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Comment Re:Tax dollars at work. (Score 1, Informative) 674 674

You do realize this is the UK? We don't use dollars here.

Yup, I realize, but typed what I was thinking without slowing down to convert units. Regardless, this is the internet and I'm pretty sure everyone knows what is meant. If someone from Europe commenting on a US issue talks about the waste of pounds or euros most people here understand that, too.

Comment Re:From the TFA (Score 3, Interesting) 389 389

You need to meet the terms that BMI puts forth if you play their material. Their website deals with this issue and they CLEARLY tell you that it is the owner of the venue, not the DJ who is liable.

Yeah, and those boxes that pop up on computers CLEARLY tell you that the IRS is going arrest you if you don't call this number and give them your credit card. That doesn't make it true.

Or, for an example a little more on point with how BMI operates, police will often say something like "I'm going to need to come inside and look around". The implication is that they are legally allowed to enter simply by saying so, when this is completely untrue - they actually cannot come in at that point unless you signal your acceptance for them to enter. What happens is that 99% of people will step back and hold their door open for the officer after he says that, thus legally extending the officer an invitation to enter (even if the invitation was caused by an implied lie).

Sure the DJ may have claimed to have the licenses required, but the business owner is the one who is required to obtain the licenses.

BMI can state that the venue is responsible all they want, but if you read between the lines on what they actually say on their website, you can have DJs (or whoever) be responsible for the licensing, it's just that you may be liable if the DJ isn't properly licensed. If the terms of a contract with a DJ requires the DJ to be responsible for the music, then there's a good chance that's exactly how it will work - either by direct assignment of responsibility, or by being responsible for any damages the business incurs due to their negligence.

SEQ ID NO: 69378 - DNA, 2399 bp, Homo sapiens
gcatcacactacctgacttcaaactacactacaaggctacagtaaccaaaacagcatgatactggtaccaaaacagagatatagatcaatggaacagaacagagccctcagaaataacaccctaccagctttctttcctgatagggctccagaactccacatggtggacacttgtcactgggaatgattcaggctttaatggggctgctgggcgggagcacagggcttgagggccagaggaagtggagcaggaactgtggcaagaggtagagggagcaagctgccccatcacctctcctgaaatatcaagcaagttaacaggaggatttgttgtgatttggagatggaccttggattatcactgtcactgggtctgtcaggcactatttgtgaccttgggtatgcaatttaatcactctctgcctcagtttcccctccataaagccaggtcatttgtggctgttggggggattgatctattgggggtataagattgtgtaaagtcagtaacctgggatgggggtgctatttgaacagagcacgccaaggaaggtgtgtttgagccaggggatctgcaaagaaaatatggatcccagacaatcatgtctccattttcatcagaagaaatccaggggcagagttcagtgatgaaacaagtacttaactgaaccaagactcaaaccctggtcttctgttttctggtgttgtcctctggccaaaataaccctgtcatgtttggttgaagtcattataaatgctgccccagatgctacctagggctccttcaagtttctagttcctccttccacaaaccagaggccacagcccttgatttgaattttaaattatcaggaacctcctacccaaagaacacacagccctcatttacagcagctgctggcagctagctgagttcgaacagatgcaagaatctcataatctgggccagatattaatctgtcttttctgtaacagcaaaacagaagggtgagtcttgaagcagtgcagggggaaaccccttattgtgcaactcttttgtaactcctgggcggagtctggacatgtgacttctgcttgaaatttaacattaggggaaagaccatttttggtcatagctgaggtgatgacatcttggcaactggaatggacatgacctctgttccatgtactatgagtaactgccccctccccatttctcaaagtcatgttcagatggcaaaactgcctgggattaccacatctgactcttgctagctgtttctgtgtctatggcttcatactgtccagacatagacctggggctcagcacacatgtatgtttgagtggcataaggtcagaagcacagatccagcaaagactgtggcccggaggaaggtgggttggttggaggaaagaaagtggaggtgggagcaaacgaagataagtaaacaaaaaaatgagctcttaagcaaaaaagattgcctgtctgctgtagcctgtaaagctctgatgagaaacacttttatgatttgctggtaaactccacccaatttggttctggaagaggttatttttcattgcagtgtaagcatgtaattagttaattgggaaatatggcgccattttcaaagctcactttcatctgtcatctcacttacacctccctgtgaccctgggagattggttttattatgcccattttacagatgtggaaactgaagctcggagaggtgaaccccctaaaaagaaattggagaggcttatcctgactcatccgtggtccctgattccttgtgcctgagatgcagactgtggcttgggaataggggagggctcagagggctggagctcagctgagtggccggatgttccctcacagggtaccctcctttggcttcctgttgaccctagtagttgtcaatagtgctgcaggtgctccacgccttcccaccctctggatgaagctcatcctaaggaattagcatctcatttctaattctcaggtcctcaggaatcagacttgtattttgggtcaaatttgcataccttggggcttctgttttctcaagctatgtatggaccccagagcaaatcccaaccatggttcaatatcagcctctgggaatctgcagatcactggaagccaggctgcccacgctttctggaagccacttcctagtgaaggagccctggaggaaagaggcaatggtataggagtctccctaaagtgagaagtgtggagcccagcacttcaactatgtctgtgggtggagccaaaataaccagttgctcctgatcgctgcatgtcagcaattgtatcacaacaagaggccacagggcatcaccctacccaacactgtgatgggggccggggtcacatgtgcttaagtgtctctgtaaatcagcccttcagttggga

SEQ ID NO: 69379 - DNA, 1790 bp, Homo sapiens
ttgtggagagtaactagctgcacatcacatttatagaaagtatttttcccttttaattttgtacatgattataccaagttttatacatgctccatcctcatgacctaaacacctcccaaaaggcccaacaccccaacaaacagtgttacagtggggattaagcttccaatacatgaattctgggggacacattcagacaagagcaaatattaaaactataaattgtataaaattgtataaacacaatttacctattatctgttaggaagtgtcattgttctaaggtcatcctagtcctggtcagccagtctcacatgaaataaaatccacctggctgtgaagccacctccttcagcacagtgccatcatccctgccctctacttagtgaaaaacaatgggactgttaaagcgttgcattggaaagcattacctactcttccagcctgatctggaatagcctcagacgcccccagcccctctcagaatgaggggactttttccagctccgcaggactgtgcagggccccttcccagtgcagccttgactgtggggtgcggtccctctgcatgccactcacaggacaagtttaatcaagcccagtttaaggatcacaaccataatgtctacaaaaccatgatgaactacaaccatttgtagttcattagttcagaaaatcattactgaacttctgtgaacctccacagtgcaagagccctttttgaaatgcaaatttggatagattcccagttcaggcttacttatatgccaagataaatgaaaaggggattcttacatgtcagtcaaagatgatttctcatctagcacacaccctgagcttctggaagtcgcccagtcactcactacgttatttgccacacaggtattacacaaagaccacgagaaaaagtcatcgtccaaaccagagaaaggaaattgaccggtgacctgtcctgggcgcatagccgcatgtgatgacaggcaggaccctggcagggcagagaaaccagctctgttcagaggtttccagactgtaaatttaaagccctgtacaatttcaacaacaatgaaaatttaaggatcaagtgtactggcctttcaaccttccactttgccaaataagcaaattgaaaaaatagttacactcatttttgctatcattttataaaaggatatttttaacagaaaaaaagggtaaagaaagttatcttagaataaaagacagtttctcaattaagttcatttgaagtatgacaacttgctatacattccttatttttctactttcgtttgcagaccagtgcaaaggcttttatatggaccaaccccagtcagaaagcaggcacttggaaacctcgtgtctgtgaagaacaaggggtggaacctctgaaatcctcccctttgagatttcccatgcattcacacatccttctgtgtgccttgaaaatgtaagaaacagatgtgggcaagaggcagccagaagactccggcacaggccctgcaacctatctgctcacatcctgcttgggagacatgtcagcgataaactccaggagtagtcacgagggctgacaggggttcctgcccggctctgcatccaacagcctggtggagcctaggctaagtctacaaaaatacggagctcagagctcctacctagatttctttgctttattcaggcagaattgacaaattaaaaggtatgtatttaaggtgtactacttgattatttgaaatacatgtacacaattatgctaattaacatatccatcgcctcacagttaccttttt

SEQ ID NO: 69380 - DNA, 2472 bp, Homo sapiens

Simply put, BMI words their statement like this because they want to double-dip into the licensing revenue stream. Even if the DJ already has all the proper licenses to play it in whatever venue they want, BMI will use vague language about who needs the license and use scare tactics to try make venue owners pay again for licenses that have already been paid.

Comment Re:From the TFA (Score 5, Insightful) 389 389

It's not like the license is all that expensive or hard to obtain or that services to pipe in music don't exist. I don't feel bad for this guy, likely all he needed to do is stop playing copyrighted stuff when he was made aware of the violation and then obtain a license as required if he needed to continue.... Or, BUY a music service for his business from somebody and let them keep up with the licenses.

If you would RTFA, or even the summary, you'd notice that he already did that. He hired a DJ, who had already paid licensing fees to play the music.

At issue here is that the licenses were already paid through the DJ, and BMI was demanding that they get paid again because ... well, that's the question, really ... why should he pay the licensing fees again when the music is already licensed?

Comment Re:Sure we can (Score 1) 692 692

That's my point - that trying to force those who become immortal to never have kids will never work unless a vicious totalitarian government enforces it. There's too many potential problems with any implementation to have it work otherwise. A soft limit on number of kids could work, as most people in first-world countries stop after one or two anyway.

Comment Re: Won't be any need (Score 1) 692 692

And as it has been said before: "The world has enough food only for 3 000 000 000 people."

Only with current practices/technology/sources. There are many, many things that can be done to increase that amount even with current technologies. For example, insects can give much higher food rates than mammals and poultry - we just don't typically knowingly eat bugs. Hydroponics, urban gardening (rooftops, etc.), are extant now but underutilized. Advancing technology will provide even better options in the coming century as well, via both improvements in underlying technologies to make gardening/farming more efficient, and biologically engineered foods. There's also the vast untapped possibilities of the oceans.

Comment Re:Sure we can (Score 4, Interesting) 692 692

Also, how about this: the drug/whatever that cures you of aging also makes you sterile. Or it could be a legal requirement - want to not die of old age? The price is X dollars and your ability to reproduce